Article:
Major magazine publishers teamed up with New York City last week to launch a program called ReMix – Recycling Magazines is Excellent. The goal is for people to recycle their magazines instead of throwing them away.
The move builds on a trend towards favoring magazines that use recycled paper. For instance, Barnes & Noble specifically promotes magazines that use recycled paper, and in 2004, Aveda began to advertise only in magazines that use at least ten percent recycled paper. Wal-Mart culled nearly 1,000 titles from the magazines its stores carry, a move partially inspired by the company’s focus on sustainability.
A big recycling issue is newsstands, where only one of every four magazines is sold. According to a study by Time, Inc. and Verso Paper, 95 percent of those unsold magazines get recycled. It’s the ones sold that have a low 17 percent recycling rate. That’s why publishers launched ReMix. The advocacy group Co-op America estimates that if all North American magazines used just 30 percent recycled paper, 1.7 billion pounds of GHG would not be emitted.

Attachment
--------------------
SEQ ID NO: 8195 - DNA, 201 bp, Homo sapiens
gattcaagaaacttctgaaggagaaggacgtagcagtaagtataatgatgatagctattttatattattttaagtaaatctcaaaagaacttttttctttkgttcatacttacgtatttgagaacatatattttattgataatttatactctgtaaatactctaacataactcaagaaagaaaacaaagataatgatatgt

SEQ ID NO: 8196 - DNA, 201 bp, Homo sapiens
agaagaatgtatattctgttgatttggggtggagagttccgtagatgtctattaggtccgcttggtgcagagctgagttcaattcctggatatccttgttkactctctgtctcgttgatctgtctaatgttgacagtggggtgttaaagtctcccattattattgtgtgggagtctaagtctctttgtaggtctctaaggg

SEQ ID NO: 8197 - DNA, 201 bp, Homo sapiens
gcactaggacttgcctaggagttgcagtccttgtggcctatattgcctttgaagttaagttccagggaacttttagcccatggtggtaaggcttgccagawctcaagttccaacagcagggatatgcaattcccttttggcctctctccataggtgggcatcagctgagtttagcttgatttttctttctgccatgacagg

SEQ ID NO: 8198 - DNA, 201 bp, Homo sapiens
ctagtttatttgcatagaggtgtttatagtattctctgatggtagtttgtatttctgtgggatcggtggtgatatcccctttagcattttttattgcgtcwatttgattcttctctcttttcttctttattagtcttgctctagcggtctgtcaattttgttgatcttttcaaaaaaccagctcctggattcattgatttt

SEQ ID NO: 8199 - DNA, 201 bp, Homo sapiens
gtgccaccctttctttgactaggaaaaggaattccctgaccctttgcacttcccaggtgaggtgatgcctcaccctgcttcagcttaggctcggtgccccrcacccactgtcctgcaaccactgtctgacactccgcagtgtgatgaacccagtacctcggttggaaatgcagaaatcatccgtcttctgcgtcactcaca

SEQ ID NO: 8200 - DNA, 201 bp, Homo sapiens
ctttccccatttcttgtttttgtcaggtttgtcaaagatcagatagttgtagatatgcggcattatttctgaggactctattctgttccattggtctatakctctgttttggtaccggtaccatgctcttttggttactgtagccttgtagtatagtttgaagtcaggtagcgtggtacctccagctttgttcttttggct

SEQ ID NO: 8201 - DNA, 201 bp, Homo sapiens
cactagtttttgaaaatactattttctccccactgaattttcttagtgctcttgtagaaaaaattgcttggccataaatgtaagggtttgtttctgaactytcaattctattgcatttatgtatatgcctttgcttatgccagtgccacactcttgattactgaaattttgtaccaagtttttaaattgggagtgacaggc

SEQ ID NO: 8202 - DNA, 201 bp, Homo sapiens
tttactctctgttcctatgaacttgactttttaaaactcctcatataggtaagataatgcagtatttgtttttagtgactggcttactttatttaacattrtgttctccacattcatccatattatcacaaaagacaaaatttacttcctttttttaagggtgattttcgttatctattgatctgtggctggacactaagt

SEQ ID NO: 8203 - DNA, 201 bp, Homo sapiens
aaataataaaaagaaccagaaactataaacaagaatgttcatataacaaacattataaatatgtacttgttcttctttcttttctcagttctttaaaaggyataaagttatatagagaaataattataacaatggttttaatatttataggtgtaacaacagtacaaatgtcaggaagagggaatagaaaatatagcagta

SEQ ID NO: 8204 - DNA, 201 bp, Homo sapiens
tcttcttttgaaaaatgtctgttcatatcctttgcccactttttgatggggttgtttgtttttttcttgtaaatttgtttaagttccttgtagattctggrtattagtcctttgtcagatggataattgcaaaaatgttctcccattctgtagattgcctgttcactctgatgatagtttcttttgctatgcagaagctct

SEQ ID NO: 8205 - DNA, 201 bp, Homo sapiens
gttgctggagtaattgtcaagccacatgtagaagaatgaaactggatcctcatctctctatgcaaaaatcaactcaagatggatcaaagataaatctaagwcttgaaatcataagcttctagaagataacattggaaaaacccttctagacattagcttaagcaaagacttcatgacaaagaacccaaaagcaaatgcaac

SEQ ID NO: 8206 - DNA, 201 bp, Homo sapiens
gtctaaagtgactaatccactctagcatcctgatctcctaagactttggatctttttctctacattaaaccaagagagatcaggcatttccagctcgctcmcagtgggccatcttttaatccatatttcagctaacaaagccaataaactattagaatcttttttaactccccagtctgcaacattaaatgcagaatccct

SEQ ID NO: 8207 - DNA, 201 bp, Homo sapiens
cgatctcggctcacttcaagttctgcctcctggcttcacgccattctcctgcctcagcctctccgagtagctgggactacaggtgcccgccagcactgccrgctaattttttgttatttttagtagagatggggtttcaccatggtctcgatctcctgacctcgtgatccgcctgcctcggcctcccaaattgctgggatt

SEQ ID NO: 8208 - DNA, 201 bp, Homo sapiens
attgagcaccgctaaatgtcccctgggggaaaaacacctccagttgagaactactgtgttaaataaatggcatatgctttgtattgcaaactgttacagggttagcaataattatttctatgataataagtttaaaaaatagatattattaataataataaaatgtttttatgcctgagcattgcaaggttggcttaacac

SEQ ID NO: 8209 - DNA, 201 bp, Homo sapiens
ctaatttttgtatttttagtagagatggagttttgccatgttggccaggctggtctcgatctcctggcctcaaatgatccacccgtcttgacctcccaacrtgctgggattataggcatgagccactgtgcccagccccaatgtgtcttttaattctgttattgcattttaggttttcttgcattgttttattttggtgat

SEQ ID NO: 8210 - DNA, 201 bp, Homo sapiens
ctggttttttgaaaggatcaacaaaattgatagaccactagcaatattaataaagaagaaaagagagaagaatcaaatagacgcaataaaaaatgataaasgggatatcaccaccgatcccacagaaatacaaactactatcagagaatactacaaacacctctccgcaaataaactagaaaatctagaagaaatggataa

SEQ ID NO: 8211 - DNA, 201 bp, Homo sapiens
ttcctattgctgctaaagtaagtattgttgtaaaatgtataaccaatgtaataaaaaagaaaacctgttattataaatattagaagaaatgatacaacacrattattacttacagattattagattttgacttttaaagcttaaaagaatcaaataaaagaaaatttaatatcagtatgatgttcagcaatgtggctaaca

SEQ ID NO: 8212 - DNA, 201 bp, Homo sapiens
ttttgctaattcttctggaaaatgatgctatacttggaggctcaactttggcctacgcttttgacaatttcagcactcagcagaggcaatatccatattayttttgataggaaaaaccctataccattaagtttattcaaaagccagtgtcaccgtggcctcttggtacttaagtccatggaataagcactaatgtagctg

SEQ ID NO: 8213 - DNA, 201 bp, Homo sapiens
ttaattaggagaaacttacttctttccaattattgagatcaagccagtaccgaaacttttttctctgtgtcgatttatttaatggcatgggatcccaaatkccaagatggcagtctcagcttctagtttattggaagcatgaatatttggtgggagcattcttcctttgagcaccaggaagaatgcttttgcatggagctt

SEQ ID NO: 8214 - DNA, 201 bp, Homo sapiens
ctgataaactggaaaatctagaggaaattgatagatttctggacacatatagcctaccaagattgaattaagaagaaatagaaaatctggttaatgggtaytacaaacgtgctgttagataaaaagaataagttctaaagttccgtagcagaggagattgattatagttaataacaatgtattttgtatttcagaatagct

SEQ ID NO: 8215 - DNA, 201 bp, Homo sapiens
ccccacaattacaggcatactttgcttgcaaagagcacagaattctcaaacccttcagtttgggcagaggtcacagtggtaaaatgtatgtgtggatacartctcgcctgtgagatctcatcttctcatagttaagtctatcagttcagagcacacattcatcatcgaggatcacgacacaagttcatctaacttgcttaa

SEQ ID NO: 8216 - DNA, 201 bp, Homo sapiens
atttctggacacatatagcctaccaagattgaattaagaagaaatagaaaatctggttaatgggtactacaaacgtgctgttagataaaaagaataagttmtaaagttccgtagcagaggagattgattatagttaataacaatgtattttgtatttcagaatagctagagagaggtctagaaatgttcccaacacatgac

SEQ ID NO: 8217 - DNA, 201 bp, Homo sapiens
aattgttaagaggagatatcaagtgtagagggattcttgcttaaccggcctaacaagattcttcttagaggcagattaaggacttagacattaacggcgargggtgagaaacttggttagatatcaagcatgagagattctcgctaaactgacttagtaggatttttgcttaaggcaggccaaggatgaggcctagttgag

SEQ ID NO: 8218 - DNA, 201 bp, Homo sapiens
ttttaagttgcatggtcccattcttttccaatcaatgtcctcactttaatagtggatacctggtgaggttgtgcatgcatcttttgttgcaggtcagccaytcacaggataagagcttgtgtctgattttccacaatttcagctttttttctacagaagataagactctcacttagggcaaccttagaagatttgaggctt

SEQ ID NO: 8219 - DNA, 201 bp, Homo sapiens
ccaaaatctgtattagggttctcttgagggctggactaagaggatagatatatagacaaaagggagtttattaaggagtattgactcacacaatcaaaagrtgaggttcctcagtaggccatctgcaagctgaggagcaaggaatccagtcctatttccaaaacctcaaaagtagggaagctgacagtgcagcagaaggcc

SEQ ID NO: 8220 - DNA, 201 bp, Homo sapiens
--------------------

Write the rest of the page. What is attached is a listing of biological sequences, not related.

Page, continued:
Last year, Magazine Publishers of America launched an initiative to get readers to recycle their magazines. One magazine, The Economist, is working with two sustainability organizations to study its carbon footprint.